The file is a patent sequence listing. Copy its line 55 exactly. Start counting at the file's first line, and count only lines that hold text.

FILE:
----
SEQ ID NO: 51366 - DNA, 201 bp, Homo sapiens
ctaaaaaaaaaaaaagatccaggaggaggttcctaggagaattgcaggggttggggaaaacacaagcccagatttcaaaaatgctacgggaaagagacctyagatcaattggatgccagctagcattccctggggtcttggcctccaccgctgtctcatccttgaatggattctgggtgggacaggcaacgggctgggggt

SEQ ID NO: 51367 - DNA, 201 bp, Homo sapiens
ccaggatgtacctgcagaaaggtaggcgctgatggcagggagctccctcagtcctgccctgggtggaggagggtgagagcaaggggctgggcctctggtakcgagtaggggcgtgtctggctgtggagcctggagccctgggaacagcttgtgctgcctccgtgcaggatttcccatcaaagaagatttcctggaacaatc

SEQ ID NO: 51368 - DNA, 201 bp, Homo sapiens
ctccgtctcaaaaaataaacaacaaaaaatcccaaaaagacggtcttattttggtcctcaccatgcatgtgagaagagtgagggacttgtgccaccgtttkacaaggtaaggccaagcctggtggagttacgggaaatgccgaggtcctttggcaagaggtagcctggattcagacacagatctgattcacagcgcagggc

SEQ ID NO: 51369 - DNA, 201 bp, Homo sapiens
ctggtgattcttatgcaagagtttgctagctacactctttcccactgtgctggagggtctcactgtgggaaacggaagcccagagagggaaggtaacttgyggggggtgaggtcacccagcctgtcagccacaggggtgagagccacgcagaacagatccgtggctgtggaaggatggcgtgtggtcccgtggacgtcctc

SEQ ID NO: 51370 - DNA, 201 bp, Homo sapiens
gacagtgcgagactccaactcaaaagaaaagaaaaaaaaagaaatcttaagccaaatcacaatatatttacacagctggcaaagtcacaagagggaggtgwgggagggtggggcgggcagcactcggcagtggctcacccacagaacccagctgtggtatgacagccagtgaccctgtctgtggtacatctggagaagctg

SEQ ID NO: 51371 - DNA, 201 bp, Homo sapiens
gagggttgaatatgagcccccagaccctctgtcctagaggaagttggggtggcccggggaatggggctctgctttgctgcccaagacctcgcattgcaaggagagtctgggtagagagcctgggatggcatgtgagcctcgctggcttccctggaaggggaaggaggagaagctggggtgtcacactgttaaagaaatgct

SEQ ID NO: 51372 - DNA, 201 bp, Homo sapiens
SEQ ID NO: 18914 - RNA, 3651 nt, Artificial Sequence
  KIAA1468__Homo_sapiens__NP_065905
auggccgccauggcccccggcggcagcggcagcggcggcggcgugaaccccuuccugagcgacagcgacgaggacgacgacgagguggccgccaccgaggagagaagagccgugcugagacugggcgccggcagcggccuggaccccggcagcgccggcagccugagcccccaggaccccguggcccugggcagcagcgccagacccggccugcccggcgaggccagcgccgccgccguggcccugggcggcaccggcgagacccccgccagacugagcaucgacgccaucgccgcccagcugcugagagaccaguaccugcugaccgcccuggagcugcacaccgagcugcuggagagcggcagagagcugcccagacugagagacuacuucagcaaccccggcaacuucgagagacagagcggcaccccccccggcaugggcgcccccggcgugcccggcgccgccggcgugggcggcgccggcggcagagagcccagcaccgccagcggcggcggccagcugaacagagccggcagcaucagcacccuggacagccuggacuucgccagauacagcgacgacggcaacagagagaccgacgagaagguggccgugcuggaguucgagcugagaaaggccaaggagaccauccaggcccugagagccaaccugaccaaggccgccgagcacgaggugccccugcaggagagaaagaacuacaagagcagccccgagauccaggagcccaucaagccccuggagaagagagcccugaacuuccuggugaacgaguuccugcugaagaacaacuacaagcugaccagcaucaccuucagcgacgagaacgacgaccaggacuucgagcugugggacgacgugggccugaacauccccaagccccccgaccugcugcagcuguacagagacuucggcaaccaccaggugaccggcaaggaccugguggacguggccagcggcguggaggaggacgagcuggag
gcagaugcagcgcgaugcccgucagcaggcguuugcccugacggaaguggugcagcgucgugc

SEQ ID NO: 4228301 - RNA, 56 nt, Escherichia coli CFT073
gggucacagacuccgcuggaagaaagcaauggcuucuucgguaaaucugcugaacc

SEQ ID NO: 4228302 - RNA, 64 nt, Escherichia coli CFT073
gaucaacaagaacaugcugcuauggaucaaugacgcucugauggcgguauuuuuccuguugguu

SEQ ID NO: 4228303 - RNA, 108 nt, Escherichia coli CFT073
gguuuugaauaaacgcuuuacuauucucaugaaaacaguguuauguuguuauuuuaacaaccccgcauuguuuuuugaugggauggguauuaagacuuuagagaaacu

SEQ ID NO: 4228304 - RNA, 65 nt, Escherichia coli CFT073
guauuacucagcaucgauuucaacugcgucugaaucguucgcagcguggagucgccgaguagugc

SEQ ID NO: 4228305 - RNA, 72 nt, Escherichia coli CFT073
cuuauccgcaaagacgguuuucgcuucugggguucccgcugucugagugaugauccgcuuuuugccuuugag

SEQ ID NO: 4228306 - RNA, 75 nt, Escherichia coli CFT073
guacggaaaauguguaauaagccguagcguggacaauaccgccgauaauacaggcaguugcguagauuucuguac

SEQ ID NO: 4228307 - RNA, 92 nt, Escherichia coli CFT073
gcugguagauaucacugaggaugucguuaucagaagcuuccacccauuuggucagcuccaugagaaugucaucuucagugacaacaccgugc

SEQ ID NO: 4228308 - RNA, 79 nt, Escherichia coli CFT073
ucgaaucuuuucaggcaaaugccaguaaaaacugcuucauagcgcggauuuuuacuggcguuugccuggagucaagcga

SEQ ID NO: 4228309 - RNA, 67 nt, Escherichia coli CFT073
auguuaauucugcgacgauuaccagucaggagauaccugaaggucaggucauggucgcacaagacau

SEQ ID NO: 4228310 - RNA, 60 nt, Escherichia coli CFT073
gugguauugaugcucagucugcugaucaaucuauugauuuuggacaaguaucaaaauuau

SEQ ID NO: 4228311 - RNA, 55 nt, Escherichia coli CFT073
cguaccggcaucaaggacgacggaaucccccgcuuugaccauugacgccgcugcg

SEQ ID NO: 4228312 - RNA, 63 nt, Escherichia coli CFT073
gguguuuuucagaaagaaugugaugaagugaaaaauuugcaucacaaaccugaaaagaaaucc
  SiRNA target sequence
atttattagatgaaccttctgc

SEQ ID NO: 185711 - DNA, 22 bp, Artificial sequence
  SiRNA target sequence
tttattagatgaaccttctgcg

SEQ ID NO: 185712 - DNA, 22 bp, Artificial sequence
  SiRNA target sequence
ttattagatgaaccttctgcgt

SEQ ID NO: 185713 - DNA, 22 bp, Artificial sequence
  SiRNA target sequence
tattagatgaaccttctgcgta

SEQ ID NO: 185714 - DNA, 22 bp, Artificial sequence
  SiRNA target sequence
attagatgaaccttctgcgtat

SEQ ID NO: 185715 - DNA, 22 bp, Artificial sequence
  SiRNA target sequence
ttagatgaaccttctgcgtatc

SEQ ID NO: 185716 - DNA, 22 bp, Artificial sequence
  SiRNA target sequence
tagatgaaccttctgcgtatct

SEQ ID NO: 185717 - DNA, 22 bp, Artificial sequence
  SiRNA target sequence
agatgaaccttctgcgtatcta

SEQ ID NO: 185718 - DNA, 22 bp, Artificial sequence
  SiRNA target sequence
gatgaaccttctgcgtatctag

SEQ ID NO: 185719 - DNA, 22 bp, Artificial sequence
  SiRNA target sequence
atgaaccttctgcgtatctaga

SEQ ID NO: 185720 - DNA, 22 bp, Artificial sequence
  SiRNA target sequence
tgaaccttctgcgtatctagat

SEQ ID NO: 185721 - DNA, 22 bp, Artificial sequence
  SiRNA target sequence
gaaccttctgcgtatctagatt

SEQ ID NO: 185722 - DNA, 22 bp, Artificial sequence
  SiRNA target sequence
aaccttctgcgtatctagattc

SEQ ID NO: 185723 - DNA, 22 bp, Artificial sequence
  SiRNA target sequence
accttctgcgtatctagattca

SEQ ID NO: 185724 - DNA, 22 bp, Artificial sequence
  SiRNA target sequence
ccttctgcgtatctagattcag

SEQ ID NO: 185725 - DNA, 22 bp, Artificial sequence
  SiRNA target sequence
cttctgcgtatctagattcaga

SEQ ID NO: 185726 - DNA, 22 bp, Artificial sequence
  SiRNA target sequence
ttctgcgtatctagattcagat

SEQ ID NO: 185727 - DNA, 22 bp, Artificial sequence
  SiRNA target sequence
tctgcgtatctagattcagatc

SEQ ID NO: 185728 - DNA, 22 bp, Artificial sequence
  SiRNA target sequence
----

attagatgaaccttctgcgtat